The Combined 2018/2020 Integrated Report (IR) assesses the quality of the surface waters in the state and identifies waterbodies that are not meeting water quality standards. These standards support the designated beneficial uses that protect water quality for drinking water, recreation, aquatic life, and agriculture. Waterbodies that do not meet one or more of their beneficial uses are classified as impaired in the IR and placed on the Clean Water Act 303(d) list.
The water quality data used for the Combined 2018/2020 IR cover the period between October 1, 2010, and September 30, 2018. DWQ held a public comment period from November 7, 2018, to December 21, 2018, on the 303(d) assessment methods. These assessment methods are included in the IR but are outside the scope of the current public comment period.
DWQ will respond to public comments submitted on the draft IR and may revise the IR based on feedback. Public comments, DWQ’s response to comments, the 305(b) report, and 303(d) listing decisions will be submitted to EPA for approval.
Public Comment Period Open
Draft Combined 2018/2020 Integrated Report
The Draft Combined 2018/2020 Integrated Report is open for a 60-day public comment period that begins on October 21, 2020, and ends December 21, 2020. The IR contains the 303 (d) assessment methodology, 305(b) assessment report, and 303(d) list of impaired rivers, streams, lakes, and reservoirs.
Submit comments by clicking the button above. Public comments should address data and findings in Chapter 2 (lakes, reservoirs, and ponds) and Chapter 3 (flowing rivers and streams and canals). Effective comments provide technical feedback on analyses/assessments and point out unintended consequences from decisions.
DWQ held a public comment period for Chapter 1 (assessment methods) in 2019. Chapter 1 is outside the scope of this comment period.
The Combined 2018/2020 Integrated Report (IR) compiles all existing, credible, and readily available data to determine whether water quality is sufficient to meet the beneficial uses assigned to Utah’s waters. The report is divided into four main sections:
- Executive Summary: Overview of the IR
- Chapter 1: Assessment methods (previously released for public comment)
- Chapter 2: Assessments specific to lakes and reservoirs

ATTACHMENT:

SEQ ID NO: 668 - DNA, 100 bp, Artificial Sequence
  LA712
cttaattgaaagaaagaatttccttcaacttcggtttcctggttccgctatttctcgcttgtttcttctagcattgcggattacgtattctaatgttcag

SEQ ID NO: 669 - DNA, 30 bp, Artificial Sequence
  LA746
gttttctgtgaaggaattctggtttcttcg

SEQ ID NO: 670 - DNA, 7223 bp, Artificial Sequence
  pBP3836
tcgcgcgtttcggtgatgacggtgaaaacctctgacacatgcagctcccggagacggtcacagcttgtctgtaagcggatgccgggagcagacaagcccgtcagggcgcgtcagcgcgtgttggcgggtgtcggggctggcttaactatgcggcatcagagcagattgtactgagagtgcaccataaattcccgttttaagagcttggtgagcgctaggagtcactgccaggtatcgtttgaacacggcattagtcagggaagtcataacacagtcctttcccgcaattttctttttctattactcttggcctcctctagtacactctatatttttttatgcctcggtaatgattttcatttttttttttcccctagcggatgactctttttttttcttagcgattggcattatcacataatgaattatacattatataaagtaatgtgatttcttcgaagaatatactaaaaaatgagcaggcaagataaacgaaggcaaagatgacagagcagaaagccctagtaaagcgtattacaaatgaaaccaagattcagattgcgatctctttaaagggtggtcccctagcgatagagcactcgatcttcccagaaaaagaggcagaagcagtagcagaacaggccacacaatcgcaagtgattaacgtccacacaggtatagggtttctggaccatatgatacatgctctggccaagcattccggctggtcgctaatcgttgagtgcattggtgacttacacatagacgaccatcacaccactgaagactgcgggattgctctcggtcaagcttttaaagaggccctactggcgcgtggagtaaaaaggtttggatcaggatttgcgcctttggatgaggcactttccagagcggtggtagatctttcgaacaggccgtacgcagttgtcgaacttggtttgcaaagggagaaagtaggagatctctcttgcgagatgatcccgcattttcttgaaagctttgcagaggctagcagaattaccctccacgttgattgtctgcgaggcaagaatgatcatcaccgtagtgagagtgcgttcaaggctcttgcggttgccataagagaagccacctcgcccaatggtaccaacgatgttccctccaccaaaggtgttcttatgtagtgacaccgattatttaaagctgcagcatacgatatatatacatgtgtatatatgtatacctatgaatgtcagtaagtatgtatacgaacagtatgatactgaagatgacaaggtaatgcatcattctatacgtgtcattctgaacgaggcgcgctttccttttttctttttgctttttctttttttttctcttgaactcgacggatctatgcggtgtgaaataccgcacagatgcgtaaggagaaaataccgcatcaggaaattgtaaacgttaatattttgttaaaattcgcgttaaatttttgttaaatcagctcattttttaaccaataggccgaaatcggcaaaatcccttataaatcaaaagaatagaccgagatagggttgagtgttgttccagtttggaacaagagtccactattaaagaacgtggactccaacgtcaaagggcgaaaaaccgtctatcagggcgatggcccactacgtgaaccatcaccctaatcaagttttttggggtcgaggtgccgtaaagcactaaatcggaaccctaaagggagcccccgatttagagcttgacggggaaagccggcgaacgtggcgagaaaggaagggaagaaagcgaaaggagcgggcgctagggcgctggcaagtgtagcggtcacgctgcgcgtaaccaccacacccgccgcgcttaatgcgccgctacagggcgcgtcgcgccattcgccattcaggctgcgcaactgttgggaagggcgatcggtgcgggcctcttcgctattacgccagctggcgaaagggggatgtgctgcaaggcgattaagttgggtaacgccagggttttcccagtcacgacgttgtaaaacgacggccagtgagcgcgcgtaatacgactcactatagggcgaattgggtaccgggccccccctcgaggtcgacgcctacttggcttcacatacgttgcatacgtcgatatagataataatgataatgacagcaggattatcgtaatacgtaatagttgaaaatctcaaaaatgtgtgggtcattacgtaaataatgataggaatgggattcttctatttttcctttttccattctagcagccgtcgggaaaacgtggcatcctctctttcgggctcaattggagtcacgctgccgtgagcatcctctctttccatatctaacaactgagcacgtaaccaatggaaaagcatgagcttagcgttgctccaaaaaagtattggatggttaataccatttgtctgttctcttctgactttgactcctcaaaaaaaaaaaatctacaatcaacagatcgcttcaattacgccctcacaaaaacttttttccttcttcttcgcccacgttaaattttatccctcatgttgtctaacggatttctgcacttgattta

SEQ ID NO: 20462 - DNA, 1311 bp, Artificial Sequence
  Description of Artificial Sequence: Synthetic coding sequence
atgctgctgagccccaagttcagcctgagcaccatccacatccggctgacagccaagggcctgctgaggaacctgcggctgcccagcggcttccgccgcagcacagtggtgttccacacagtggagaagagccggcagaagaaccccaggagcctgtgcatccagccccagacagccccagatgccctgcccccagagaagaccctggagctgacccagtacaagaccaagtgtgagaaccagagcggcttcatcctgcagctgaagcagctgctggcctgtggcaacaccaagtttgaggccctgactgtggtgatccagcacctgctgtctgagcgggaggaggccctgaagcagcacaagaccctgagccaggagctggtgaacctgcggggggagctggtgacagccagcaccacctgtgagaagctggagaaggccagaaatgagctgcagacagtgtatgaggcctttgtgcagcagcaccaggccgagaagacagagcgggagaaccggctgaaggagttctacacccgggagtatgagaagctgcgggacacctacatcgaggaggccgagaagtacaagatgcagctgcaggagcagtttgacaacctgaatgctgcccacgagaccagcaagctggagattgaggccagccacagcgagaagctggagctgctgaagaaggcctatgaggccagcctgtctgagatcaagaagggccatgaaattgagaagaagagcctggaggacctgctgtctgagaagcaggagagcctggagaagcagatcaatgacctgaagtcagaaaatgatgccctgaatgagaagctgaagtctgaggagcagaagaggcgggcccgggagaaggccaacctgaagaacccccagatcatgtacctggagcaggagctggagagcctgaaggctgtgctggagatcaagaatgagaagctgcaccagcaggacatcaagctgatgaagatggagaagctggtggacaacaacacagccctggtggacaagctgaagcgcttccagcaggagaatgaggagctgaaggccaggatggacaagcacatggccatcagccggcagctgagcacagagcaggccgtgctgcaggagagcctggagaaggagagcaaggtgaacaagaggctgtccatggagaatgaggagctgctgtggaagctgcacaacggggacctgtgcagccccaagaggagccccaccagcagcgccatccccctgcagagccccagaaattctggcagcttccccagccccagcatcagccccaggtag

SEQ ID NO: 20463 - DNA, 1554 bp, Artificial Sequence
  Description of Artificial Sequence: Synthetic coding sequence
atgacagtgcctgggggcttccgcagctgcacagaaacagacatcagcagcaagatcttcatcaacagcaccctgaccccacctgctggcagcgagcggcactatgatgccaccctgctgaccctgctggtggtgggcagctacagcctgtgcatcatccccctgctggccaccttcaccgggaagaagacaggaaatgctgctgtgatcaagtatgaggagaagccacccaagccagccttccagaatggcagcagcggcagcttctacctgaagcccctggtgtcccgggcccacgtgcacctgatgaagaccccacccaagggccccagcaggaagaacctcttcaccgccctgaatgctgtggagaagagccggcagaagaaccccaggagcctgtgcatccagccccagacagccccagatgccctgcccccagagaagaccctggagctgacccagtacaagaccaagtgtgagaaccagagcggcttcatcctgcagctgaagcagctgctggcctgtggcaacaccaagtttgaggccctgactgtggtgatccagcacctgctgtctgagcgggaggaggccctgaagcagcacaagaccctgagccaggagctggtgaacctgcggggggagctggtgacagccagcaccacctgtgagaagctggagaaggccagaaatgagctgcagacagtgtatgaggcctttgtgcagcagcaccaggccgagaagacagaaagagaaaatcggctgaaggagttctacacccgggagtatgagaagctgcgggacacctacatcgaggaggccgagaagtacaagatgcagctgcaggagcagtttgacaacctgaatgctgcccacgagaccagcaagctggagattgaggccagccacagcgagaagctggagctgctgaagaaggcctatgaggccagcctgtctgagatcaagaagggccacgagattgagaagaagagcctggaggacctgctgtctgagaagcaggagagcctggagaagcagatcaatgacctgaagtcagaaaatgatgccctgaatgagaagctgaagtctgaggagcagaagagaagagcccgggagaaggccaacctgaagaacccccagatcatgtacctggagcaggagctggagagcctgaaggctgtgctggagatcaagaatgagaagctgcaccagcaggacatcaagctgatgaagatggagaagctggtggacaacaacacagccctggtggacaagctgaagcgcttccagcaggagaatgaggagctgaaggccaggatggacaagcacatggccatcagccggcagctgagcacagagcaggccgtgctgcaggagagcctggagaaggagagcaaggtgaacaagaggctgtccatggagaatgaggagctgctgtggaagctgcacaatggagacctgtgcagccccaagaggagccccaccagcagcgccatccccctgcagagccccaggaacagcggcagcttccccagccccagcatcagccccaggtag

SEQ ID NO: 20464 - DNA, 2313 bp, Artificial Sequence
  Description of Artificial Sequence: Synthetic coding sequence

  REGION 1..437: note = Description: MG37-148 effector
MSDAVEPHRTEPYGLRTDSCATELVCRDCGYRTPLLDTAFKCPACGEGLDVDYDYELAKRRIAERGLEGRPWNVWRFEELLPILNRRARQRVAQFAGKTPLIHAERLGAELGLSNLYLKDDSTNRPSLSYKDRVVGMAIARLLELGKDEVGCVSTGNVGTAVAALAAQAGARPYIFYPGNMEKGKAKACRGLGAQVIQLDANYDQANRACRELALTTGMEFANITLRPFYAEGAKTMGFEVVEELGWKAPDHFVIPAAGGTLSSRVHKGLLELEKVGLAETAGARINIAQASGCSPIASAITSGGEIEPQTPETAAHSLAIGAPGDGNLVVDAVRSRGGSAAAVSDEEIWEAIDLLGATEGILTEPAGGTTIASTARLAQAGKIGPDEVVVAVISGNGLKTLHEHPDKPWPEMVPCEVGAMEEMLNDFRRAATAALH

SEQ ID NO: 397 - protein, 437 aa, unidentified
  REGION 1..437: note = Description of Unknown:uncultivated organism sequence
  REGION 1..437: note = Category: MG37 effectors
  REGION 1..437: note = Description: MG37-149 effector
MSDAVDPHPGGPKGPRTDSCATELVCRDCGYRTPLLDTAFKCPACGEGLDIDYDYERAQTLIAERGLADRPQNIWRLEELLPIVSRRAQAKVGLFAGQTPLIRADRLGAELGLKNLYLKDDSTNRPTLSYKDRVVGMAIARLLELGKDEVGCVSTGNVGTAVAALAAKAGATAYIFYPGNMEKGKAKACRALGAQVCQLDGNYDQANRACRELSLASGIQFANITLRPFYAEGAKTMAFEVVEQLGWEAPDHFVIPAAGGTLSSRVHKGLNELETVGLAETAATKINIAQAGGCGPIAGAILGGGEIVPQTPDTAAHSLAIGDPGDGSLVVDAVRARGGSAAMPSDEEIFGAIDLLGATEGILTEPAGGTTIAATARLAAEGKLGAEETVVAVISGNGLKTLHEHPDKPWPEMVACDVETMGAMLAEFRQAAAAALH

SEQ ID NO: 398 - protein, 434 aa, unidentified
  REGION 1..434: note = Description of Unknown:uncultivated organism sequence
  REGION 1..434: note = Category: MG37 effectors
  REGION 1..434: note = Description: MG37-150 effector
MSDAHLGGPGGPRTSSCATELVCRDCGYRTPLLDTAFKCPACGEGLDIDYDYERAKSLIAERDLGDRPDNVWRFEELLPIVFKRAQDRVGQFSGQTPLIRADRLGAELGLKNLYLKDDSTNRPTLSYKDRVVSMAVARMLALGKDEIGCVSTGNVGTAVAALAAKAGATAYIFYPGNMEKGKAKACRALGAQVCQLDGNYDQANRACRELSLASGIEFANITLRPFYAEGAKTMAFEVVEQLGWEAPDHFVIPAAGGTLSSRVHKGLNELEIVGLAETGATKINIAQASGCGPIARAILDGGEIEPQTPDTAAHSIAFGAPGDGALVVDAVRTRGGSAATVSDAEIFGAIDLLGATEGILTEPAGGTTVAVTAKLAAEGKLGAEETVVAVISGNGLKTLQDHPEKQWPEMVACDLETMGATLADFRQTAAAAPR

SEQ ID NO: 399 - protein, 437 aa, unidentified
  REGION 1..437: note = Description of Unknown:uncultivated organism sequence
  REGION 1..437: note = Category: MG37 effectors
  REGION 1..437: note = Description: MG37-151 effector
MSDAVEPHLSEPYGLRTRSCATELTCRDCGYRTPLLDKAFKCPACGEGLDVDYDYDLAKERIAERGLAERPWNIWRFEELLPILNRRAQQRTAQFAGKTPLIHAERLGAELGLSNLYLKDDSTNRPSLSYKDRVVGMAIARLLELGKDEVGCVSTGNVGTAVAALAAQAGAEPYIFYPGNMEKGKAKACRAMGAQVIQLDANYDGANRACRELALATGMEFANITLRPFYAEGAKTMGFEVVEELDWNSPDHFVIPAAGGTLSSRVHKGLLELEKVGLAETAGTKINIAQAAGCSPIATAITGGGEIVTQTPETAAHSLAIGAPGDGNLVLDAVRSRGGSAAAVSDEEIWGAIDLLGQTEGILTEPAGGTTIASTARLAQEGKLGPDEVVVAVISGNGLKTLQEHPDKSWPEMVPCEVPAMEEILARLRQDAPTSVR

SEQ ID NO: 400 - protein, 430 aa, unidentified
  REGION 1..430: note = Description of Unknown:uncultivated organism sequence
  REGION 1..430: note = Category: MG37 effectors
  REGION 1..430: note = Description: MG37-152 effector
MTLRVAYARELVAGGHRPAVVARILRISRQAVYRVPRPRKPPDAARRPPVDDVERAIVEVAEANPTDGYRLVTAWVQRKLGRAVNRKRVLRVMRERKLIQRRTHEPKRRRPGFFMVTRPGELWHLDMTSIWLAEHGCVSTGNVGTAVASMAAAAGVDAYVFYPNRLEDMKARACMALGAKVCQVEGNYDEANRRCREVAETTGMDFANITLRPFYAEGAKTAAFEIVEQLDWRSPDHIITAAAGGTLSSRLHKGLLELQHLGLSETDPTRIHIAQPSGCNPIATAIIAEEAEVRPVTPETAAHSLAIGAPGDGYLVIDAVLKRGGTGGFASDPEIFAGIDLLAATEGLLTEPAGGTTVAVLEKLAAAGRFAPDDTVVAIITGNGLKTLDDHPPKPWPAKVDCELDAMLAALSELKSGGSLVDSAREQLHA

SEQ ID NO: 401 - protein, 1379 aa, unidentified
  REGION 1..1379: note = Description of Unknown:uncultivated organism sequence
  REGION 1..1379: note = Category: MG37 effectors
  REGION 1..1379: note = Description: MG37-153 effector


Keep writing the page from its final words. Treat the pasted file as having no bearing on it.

- Chapter 3: Assessments specific to rivers and streams.
The IR helps DWQ prioritize limited resources to address water quality problems efficiently and effectively. Remediation plans such as total maximum daily loads (TMDLs) and nonpoint source projects are developed to help impaired waters meet water quality standards and support beneficial uses.
A river or stream, for purposes of the integrated Report (IR), is defined as flowing surface water moving under the force of gravity. Flowing surface waters include perennial, intermittent, and ephemeral surface waters, springs, and seeps, provided they are flowing and connect, contribute, or are influencing water quality in a downstream river or stream. Canals are also included in this assessment if they are identified in site-specific numeric criteria or named on the list of waters with designated beneficial use classifications in state regulation.
Utah assesses surface waters of the state at the monitoring-site level and then summarizes the site-level assessments up to a larger spatial scale (i.e., the Assessment Unit (AU) scale). Flowing surface waters of the state and canals are delineated by specific rivers or one or more surface water reaches in subwatersheds.
Lakes and reservoirs, for the purposes of the Integrated Report (IR), are inland bodies of standing fresh or saline water that are generally too deep to permit submerged aquatic vegetation to take root across the entire waterbody. Expanded parts of a river or natural lake, a reservoir behind a dam, or a natural or excavated depression containing a waterbody without a surface water inlet and/or outlet are included in this assessment type.
Utah assesses surface waters of the state at the monitoring-site level and then summarizes the site-level assessments up to a larger spatial scale (i.e., the Assessment Unit (AU) scale). Lakes, reservoirs, and ponds have been delineated as individual AUs, and their size is reported in acres.
Click the assessment unit polygons for draft assessment information. Hover over the layers button to turn on and off assessment category polygons. The “Reset View” button will set the map to its original bounds around the state of Utah. Use the “Search” box to look up assessment units by name or assessment unit ID.
By the Numbers
- Number of data records downloaded from EPA’s Water Quality Portal: 1.36 million
- Number of data records that passed screening and data preparation checks for assessment: 432,280
- Number of data records rejected during the secondary review process: 35,281
- Number of data records in the core assessment dataset for the period of record following screening, secondary review, and daily aggregation: 348,003
- Number of unique assessments by site, use, parameter, and criterion: 61,388
Assessment Totals (Flowing Surface Waters of the State, Canals, Lakes, Reservoirs, and Ponds)
- Total AUs reported on: 913
- Total AUs fully supporting (Category 1): 79
- Total AUs partially supporting (Category 2): 130
- Total AUs with insufficient data (Category 3): 318
- Total AUs with a plan in place (Category 4): 32
- Total AUs impaired (Category 5): 354
Questions and Comments
Watershed Protection Section Manager